Humans of New York, or HONY as the popular epithet goes, began as a one-man project in downtown New York City. Photographer Brandon Stanton started snapping sensitive photos of average Big Apple denizens, and captioning them with soundbites from longer interviews about their lives, their hopes, and their regrets. As of July 2015, HONY has over 13 million likes on its Facebook page, 3.3 million Instagram followers, and has raised hundreds of thousands of dollars for charitable efforts through platforms like Indiegogo.
I am one of those 13 millions Facebook fans who pause to consider every HONY photo that pops up on my newsfeed and read its alternately harrowing, hilarious, haunting, or heartwarming story. There’s nothing false or contrived or fictionalized about it; Brandon simply captures what is, and these briefly frozen moments in time remind us of and reunite us in our shared humanity. Since its 2010 inception, HONY has taken several side-jaunts to Austin, Boston, and most recently, made stops in Jordan, Israel, Democratic Republic of the Congo, Kenya, Uganda, South Sudan, Ukraine, India, Nepal, Vietnam, and Mexico as part of a “World Tour” sponsored by the United Nations. In the same way that HONY made New Yorkers feel like all our friends, suddenly people as far away as Israel where made more real, more humanized, by expressing dreams and doubts that so closely mirrored our own in the States. THAT is the power of story.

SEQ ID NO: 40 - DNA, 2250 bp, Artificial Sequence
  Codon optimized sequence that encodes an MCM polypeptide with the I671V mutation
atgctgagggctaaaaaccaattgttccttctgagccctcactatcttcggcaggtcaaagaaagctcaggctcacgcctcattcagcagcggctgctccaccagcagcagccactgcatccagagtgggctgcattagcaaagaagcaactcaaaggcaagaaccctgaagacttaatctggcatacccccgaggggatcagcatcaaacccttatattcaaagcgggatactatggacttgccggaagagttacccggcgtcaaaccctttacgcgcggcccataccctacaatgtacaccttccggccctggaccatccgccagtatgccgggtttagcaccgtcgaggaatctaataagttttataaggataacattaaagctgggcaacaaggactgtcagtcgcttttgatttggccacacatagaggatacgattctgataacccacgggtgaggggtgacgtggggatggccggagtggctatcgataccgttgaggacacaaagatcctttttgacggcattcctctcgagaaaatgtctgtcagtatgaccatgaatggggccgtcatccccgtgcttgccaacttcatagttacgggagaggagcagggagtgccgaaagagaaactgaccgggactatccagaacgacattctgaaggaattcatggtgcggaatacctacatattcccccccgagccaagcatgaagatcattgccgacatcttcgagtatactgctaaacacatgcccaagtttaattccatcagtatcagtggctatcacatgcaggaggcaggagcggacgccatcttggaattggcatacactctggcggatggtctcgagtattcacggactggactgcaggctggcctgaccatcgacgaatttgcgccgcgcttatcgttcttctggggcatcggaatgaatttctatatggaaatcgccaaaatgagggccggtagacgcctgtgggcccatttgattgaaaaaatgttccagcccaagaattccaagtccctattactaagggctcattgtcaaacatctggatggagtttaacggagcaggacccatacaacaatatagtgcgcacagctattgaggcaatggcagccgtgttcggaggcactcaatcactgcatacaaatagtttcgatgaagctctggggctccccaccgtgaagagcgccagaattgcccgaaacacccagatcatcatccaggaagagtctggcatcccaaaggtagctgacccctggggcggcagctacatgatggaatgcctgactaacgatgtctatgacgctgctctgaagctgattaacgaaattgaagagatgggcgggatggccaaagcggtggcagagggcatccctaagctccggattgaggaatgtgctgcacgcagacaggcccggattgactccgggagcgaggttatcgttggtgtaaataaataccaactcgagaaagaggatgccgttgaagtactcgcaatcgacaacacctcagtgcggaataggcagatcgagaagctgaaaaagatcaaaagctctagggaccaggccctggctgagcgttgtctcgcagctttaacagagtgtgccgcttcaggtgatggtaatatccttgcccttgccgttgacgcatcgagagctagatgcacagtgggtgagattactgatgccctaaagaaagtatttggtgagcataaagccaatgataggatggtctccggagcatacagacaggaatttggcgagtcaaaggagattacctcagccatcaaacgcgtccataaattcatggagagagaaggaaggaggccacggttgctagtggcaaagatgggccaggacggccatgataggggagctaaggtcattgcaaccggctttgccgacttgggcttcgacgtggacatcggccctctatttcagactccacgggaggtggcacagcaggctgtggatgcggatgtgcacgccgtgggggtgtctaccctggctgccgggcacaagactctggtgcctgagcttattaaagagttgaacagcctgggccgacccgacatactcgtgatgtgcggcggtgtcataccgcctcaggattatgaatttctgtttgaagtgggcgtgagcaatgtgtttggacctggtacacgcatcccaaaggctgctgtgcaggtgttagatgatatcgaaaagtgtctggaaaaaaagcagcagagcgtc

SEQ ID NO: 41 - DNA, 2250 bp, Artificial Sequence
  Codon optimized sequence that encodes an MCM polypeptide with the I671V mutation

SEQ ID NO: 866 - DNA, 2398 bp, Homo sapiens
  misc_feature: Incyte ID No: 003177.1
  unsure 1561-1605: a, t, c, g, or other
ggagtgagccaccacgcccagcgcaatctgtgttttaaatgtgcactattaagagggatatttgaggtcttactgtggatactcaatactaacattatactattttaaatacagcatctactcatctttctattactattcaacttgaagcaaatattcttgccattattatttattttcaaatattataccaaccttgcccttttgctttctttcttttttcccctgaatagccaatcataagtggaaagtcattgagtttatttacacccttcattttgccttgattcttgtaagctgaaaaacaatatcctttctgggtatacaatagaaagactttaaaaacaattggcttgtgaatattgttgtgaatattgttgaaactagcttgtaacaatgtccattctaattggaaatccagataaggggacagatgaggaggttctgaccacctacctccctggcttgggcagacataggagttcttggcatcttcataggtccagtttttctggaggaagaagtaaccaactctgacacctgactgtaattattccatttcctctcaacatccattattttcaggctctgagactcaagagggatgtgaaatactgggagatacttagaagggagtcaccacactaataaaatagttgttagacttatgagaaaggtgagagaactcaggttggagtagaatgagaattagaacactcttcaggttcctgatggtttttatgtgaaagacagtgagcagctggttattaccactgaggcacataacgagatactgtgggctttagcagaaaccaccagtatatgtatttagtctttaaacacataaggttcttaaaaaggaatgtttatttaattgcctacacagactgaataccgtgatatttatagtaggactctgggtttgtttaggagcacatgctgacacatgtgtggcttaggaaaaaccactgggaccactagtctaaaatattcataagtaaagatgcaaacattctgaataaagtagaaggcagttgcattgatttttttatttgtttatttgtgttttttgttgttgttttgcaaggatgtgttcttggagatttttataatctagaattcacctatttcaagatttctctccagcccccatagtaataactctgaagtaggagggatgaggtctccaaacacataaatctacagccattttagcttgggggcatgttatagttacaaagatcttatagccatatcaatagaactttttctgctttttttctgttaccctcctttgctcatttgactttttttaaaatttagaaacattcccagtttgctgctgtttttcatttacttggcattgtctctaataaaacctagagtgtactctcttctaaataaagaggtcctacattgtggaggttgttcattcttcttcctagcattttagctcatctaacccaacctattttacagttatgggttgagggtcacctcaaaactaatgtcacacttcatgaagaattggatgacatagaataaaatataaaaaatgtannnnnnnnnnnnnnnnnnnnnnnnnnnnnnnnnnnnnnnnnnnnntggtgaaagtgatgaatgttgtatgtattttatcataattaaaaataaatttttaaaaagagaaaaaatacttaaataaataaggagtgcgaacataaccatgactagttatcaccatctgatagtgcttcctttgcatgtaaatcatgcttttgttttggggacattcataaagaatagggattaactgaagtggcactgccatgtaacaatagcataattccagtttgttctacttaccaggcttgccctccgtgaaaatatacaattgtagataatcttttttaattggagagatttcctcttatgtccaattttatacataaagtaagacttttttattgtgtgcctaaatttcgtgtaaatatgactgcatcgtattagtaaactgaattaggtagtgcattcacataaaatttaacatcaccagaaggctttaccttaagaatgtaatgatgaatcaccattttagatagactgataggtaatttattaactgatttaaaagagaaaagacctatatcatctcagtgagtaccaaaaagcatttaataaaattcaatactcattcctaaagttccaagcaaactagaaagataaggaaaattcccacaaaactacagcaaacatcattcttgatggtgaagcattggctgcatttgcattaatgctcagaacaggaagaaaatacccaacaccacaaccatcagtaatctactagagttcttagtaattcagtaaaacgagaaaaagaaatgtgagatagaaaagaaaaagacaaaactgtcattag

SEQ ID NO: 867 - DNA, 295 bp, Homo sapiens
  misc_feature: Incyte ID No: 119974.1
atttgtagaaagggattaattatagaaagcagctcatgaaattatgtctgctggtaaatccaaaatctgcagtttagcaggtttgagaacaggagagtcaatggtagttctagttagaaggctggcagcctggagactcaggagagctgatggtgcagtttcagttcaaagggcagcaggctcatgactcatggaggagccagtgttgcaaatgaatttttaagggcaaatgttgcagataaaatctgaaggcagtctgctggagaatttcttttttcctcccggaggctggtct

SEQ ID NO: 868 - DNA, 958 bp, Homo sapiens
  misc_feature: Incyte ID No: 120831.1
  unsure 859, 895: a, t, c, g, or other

You don’t have to have kids to tell your story to for other people to find it interesting. YOUR story is already a bestseller because parts of it are our stories, too. To share your experiences is to guide our own fingers to our beating pulses, whereupon we may joyfully shout, “Yes, yes, we are alive!”